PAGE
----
Because projection mapping is still a novel way to display visual media in a public space, you should be prepared for local governments not to be familiar with it. Projection mapping could legally be considered cosmetic lighting, OOH (out-of-home) signage or a live event that requires a stage permit. The local government may not allow such productions outdoors at all.
“Municipalities … love to hold on to their idiosyncrasies, and certainly, each jurisdiction will use its own terminology and categories,” said Brian Wassom, a practicing attorney who focuses on copyright and trademark law. “Understanding the terminology and subtleties of each jurisdiction’s ordinances, and how those subtleties can be used to one’s advantage, is where good lawyering comes in.”
The unique visual aspects of projection mapping raise hypothetical questions about how your production could have an unintended negative effect on the public.
Will making a building appear as if it’s crumbling at night, for example, stun passersby and cause them to become terrified and perhaps even injure themselves? Could automobile drivers or cyclists seeing your event’s imagery become distracted and cause an accident? Could the lights from the projectors impair the vision of those inside or around the building?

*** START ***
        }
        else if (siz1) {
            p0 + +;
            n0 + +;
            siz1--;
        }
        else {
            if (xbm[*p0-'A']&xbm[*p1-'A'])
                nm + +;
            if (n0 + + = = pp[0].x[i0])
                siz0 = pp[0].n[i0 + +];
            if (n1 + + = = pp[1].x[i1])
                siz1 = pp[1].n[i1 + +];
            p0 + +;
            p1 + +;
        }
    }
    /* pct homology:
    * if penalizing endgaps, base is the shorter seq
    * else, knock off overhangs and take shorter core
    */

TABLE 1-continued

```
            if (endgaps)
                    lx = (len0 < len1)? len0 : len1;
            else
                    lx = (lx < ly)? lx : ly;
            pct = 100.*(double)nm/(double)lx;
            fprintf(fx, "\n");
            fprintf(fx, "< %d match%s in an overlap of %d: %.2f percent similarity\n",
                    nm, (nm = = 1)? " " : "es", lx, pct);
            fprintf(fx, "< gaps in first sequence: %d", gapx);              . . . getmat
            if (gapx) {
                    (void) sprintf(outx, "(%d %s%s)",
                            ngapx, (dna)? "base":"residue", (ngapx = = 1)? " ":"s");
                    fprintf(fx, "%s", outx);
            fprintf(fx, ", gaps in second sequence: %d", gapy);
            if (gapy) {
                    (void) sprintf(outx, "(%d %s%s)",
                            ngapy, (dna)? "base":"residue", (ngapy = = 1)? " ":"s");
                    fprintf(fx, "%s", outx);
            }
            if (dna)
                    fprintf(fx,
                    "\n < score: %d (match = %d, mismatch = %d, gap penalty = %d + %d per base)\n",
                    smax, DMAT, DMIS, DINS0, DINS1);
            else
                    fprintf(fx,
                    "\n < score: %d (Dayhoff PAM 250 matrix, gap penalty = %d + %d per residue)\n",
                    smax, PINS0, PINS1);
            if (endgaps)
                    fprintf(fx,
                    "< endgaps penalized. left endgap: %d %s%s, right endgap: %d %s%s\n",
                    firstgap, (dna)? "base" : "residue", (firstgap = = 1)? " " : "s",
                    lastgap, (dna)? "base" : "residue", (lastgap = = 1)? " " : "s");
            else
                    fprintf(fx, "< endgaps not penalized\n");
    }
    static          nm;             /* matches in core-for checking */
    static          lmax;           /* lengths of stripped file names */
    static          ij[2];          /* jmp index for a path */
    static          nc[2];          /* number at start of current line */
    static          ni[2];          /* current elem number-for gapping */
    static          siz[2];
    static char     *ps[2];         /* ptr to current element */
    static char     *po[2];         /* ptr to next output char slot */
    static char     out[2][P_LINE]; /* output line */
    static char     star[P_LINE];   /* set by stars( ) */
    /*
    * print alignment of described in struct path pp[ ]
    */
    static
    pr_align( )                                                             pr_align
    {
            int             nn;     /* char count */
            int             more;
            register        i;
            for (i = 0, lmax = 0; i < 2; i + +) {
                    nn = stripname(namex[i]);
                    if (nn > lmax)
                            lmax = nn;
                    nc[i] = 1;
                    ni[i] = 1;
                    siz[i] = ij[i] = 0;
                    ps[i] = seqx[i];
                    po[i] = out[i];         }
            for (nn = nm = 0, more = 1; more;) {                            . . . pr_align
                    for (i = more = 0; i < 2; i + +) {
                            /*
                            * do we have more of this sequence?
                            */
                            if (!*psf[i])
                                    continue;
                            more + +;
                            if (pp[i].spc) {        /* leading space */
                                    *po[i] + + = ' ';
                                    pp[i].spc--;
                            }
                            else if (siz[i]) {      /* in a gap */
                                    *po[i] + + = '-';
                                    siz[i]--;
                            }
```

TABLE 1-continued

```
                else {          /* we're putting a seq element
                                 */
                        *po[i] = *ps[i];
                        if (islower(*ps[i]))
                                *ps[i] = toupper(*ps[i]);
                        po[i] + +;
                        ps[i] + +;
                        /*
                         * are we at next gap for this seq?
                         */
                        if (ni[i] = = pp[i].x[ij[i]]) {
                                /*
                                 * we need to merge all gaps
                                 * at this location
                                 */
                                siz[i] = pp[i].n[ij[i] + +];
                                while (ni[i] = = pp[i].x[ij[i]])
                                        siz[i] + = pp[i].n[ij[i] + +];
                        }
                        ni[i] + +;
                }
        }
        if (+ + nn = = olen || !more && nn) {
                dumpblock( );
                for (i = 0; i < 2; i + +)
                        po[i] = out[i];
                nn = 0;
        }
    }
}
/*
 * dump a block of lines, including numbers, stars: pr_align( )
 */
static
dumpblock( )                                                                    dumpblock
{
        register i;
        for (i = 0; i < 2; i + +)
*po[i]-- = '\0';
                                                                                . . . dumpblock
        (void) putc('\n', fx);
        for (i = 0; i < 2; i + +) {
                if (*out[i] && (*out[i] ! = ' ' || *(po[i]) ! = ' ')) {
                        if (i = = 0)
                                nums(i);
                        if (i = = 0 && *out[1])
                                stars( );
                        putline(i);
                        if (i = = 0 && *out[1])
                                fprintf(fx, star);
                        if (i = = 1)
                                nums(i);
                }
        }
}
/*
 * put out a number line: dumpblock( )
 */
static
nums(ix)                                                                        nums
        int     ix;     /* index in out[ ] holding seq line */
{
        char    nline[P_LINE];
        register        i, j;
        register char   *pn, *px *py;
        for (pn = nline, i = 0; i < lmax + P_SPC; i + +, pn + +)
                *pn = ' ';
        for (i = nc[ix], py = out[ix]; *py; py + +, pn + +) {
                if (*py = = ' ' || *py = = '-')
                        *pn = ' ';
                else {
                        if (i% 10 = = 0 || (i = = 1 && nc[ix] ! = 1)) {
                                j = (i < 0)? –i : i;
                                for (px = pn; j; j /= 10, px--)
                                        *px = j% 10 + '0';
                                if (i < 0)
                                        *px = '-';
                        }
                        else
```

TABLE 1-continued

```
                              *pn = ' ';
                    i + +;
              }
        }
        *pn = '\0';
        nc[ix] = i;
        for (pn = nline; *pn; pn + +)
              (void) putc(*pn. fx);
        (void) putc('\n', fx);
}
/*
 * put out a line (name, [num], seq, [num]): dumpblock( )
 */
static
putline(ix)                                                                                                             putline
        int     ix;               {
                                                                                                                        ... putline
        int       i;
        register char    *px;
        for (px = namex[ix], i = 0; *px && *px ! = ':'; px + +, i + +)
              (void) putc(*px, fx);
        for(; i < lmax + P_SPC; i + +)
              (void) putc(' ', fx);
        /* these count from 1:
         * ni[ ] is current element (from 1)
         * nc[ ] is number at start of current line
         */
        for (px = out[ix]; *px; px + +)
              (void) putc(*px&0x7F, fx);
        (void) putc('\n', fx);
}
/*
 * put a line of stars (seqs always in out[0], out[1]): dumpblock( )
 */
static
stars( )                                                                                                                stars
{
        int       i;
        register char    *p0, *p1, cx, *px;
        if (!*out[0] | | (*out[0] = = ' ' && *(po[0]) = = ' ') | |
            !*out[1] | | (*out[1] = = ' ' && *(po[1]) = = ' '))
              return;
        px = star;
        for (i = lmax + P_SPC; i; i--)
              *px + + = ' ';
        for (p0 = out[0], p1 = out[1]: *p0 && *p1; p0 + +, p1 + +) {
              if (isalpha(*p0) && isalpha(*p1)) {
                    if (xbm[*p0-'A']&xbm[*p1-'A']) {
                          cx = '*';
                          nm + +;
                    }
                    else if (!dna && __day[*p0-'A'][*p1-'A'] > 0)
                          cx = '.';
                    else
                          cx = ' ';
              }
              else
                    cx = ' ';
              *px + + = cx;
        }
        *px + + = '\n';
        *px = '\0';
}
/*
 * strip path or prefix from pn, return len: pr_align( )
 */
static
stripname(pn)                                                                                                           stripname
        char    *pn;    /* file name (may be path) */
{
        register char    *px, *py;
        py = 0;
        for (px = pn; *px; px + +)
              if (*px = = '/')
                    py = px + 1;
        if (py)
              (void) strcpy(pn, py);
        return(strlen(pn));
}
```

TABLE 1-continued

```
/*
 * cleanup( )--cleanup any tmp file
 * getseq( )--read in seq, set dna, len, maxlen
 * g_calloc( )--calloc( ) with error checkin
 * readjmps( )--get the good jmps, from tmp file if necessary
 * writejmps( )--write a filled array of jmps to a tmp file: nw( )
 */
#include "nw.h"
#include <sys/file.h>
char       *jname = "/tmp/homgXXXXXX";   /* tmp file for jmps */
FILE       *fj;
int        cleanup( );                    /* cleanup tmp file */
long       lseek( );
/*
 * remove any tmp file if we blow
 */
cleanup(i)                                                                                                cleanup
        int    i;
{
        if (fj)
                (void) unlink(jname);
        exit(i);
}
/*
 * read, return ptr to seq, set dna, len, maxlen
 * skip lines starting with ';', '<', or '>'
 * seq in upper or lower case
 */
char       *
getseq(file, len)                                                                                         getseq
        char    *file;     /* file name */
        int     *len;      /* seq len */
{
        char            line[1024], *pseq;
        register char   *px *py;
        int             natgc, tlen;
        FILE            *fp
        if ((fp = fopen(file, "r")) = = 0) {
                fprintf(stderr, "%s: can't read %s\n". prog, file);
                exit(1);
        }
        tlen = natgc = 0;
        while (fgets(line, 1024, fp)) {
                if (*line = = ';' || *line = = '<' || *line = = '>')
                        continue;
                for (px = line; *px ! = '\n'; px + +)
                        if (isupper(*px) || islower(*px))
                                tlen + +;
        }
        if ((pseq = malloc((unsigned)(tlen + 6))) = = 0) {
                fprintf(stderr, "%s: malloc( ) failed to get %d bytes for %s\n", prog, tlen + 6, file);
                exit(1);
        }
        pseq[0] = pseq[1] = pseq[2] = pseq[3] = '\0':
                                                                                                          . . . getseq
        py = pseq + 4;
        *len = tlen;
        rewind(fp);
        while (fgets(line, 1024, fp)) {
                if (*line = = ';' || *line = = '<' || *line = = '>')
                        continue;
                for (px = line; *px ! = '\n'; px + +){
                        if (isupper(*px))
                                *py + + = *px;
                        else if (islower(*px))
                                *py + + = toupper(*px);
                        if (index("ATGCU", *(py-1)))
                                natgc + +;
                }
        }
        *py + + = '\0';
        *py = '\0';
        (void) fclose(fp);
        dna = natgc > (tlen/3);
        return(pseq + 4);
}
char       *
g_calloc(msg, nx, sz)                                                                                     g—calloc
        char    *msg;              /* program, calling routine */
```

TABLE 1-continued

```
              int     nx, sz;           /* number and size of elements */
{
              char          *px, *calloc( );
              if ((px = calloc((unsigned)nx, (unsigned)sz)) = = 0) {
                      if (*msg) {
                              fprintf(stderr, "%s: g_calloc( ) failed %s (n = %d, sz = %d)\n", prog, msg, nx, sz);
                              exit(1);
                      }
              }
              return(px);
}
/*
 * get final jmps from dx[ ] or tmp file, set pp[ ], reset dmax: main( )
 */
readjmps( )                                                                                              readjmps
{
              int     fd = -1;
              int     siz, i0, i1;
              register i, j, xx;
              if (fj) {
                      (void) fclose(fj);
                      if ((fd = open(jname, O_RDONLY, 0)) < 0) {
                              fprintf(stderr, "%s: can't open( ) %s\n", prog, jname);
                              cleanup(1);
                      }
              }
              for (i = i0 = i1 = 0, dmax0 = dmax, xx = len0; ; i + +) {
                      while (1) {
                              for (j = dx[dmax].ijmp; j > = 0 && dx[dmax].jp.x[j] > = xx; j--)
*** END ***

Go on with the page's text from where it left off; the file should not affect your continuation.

You and the production company need to be aware of any possible copyright issues with a building or public structure onto which you plan to project your image. Creating a 3D graphic model of the building or physical subject in question without the permission of its owner, or without a license to do so, could be considered infringement.
Using guerilla tactics to display an ad with projection mapping should be considered carefully. “Risk is inherent in any guerilla marketing campaign,” Wassom said. “It’s all about realistically ascertaining that risk ahead of time so as to accurately judge whether the risk is acceptable.”
After all, you don’t want your projection mapping efforts dismantled.
“Any company that offers unpermitted or ‘guerrilla’ mapping services is likely not following local code, which means without legal protection,” said Matthew Nix, director of development at Chicago Projection Labs. “It is possible to have the event shut down and equipment confiscated at any moment.”
You should work with a production company that has experience executing projection mapping events and securing the necessary permits and permissions. The initial burden may appear to be on the production company, but because both parties (you as the advertiser and the production company as the vendor) can be liable, it’s imperative that both sides understand what is expected.
“Define precisely what is to be done: where, when, how and by whom,” Wassom said. “The advertiser should expect to bear the risk of what it requests, but defining the engagement precisely allows the advertiser to be very direct in requiring the vendor to bear the risk of anything falling outside those parameters.”
Business.com editorial staff contributed to the writing and reporting in this article. Source interviews were conducted for a previous version of this article.